Gas stations and cars

By Terry Economy | Apr 16, 2011

During the spring of 1946, life became back to normal for the citizens of Rockland. World War II had come to a end on Sept. 6, 1945, most of our veterans had returned home to get on with their new lives, the retail stores were restocked with items that were scarce during the war, and the first new automobiles since late 1941 were on display at local dealer showrooms.

I remember one day I was on my way from my Prescott Street home to our family store, Economy's Fruit on Park Street, where on the corner of Union and Park Street at Waldoboro Garage, a new 1946 Ford appeared in the showroom. I was so intrigued with seeing a brand new automobile, I stepped into the showroom to look it over when manager Fred Lenekin, who was a regular customer of Economy's Fruit, came over and spoke to me "what do you think young fellow?" Even though I was only 11 years old, in my early youth I took interest in pre-World War II automobiles.

"It looks just like the 1942 model," I said.

"Say, you're right," Lenekin said, a surprised look on his face.

In the fall of 1941, auto manufacturers produced a few of what they called 1942 models. And they ceased producing at the end of the year to concentrate in converting to World War II vehicles.

By the way, if you're wondering how much the new 1946 Ford was, it priced at $750.

At the end of 1946, new automobiles and trucks were selling in record numbers all over the country and for a while this caused shortages in some makes and models. In 1941, new car buyers had choices of Buick, Cadillac, Chevrolet, Plymouth, Dodge, Desoto, Ford and Mercury. In 1949, Hudson, Packard, Studebaker, Lincoln, Crosely, Willys Jeeps, Kiezer and Frazier models were added to the above.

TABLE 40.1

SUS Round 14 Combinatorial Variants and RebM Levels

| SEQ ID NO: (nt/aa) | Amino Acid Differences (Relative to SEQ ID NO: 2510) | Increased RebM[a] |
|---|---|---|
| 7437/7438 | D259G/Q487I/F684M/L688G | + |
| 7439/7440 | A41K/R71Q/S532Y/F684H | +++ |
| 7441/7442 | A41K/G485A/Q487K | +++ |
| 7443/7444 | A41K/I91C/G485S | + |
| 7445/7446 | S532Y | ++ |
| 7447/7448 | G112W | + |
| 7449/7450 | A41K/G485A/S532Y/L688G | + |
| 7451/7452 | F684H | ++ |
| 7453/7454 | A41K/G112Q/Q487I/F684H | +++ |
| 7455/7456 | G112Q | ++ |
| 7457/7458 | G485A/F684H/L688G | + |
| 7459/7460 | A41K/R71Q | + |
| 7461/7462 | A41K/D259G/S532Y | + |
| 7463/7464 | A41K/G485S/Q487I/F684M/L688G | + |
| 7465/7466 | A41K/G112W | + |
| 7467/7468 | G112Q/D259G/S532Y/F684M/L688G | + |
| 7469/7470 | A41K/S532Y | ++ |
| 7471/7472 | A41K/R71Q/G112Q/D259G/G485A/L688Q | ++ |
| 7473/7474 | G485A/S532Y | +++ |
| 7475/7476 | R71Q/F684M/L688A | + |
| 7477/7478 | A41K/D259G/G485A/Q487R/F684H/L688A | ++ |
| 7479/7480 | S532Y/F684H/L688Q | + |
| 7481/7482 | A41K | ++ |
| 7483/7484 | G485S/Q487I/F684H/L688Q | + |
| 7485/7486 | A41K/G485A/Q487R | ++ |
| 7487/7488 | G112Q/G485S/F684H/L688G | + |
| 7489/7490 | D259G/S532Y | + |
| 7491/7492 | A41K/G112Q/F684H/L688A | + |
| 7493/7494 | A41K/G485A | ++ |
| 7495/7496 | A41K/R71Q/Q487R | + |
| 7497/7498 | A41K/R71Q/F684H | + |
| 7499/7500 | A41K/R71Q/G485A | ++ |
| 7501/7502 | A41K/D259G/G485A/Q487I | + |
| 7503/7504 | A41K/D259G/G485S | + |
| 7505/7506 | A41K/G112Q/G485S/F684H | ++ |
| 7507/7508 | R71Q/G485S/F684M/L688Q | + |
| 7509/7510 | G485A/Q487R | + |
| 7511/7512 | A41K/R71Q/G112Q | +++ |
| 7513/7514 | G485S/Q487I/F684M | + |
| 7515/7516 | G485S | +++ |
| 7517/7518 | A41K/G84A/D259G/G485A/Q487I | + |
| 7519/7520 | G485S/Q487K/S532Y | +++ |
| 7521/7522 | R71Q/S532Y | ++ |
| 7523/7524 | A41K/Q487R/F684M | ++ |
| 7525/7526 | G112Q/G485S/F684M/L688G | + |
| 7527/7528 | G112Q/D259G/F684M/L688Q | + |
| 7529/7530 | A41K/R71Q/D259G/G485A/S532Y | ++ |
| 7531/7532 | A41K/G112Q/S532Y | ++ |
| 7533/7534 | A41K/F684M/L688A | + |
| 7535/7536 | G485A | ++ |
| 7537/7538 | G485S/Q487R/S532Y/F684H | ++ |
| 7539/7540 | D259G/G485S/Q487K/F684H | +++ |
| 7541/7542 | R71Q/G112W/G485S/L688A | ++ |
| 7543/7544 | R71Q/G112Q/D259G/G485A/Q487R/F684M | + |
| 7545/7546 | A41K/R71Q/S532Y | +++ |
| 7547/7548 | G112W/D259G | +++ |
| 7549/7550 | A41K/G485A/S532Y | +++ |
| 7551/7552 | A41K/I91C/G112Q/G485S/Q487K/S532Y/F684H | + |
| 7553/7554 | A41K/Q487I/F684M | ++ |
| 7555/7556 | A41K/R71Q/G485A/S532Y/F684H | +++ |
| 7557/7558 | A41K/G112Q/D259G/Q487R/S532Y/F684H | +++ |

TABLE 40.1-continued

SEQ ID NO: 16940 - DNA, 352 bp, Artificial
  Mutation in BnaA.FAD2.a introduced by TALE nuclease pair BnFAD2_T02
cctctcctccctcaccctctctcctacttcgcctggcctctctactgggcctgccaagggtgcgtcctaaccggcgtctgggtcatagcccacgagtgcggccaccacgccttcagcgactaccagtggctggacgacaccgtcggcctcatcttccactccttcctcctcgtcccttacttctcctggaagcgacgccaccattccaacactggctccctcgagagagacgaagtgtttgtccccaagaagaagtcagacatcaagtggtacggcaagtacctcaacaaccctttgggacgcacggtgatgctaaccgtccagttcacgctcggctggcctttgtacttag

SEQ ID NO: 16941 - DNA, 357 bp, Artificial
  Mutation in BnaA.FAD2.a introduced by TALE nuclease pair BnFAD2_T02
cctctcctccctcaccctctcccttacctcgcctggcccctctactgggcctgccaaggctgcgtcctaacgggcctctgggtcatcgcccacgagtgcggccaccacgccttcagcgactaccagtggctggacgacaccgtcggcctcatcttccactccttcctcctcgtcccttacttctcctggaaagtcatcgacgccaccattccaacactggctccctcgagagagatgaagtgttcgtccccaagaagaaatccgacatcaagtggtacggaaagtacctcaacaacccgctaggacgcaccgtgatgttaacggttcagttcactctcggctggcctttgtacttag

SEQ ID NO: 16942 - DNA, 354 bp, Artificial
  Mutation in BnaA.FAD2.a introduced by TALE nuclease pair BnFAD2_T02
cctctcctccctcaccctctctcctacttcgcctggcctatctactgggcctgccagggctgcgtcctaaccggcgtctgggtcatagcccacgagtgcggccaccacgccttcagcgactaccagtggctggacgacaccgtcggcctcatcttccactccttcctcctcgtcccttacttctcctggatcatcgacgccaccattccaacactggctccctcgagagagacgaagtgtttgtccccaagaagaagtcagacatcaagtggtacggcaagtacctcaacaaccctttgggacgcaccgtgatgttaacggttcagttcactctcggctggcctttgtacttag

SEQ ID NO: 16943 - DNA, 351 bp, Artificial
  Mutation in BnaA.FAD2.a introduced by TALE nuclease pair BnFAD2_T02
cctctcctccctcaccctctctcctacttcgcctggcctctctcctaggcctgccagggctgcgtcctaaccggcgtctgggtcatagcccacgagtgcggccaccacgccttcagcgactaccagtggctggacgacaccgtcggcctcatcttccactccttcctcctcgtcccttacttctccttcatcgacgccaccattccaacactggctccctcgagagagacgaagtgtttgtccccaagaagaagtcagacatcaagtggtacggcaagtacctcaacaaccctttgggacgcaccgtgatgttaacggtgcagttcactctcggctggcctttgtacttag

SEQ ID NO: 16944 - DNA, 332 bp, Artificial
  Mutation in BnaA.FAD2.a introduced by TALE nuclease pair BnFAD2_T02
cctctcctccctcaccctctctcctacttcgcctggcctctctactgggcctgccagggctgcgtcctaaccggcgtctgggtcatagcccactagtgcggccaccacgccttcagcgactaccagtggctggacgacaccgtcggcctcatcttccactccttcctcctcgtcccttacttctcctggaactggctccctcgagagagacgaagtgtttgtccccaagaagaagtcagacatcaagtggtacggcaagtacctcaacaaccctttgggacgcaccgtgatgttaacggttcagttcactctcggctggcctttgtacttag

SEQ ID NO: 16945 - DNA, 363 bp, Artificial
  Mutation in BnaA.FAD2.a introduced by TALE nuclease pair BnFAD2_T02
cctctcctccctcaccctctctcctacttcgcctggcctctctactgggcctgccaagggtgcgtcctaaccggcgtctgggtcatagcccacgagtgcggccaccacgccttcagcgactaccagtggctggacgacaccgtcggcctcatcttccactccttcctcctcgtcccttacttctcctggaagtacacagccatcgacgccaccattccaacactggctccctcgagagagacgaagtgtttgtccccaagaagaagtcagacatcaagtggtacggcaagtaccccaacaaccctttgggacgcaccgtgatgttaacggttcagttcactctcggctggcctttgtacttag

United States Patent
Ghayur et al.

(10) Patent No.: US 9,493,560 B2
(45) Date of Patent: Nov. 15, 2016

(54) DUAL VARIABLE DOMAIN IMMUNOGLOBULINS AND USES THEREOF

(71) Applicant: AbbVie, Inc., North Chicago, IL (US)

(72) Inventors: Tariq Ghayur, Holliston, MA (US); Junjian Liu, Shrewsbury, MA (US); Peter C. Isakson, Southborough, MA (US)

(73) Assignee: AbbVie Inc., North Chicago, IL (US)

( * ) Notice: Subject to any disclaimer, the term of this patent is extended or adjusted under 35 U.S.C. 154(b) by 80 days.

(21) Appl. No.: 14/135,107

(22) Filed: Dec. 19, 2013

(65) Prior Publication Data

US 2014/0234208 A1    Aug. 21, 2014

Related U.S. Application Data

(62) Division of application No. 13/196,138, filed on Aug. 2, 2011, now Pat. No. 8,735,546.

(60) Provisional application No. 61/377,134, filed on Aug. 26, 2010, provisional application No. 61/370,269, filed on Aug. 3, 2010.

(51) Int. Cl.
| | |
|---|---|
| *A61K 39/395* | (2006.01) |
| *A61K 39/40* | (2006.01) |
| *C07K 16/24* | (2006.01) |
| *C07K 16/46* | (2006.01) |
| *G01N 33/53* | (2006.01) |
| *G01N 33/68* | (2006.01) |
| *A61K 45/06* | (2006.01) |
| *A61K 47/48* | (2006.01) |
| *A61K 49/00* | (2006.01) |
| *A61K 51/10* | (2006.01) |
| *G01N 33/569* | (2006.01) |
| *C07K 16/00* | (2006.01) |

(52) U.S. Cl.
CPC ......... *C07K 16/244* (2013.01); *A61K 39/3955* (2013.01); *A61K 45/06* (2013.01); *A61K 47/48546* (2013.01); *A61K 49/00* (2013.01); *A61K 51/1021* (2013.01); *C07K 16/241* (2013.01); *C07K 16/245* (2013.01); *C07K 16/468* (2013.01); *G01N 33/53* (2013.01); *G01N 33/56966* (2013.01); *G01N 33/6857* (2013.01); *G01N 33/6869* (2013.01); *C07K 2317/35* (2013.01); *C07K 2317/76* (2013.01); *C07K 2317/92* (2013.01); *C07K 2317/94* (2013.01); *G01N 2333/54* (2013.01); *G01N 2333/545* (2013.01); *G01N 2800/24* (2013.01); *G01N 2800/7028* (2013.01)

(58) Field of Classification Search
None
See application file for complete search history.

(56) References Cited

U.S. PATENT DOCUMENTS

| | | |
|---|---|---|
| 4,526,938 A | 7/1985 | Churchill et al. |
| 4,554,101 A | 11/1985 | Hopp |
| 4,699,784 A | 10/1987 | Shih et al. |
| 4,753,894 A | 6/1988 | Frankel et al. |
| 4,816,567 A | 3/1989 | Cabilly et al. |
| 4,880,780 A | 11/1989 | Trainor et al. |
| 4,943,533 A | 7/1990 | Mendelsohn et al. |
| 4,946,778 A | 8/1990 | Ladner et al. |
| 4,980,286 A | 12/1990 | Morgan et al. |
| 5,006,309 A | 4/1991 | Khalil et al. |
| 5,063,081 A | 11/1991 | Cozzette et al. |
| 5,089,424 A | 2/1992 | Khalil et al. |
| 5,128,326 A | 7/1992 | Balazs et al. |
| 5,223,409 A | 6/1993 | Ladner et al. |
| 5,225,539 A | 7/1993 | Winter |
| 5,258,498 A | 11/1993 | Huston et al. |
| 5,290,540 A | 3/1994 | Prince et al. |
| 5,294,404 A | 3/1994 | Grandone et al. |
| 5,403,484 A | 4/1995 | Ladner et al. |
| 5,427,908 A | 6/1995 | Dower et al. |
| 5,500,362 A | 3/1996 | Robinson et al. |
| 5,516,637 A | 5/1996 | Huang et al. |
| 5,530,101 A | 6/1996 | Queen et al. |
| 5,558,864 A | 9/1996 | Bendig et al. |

In 1947, because of sales of new vehicles, a new era in gasoline stations became available with the emphasis on service. In 1942, there were 22 gasoline outlets in Rockland. In 1947, there was 27 outlets, an increase of only five stations. At most stations, the personnel wore long sleeve shirts with bow ties. After filling up at 15 cents a gallon or 10 gallons for $1, your windshield was cleaned, you were asked if you wanted your oil checked and if your tires were low in pressure, they would tend to that.

The gas stations were well lighted at night and the rest rooms always were clean. Gasoline brands that were available in 1949 were Amaco, Gulf, Tidewater, Texaco, Esso, Shell, Sunoco, Mobil, and Calso.

Most gasoline station owners took pride in their work and were popular members in the Rockland community. I had the opportunity to know many of them through Economy's Fruit and during my adult years and new career at WRKD, they became advertising clients of mine.

Terry Economy was born in Rockland. He graduated from Rockland High School and has had a long career in broadcasting, and is a member of the Maine Broadcasters Hall of Fame.

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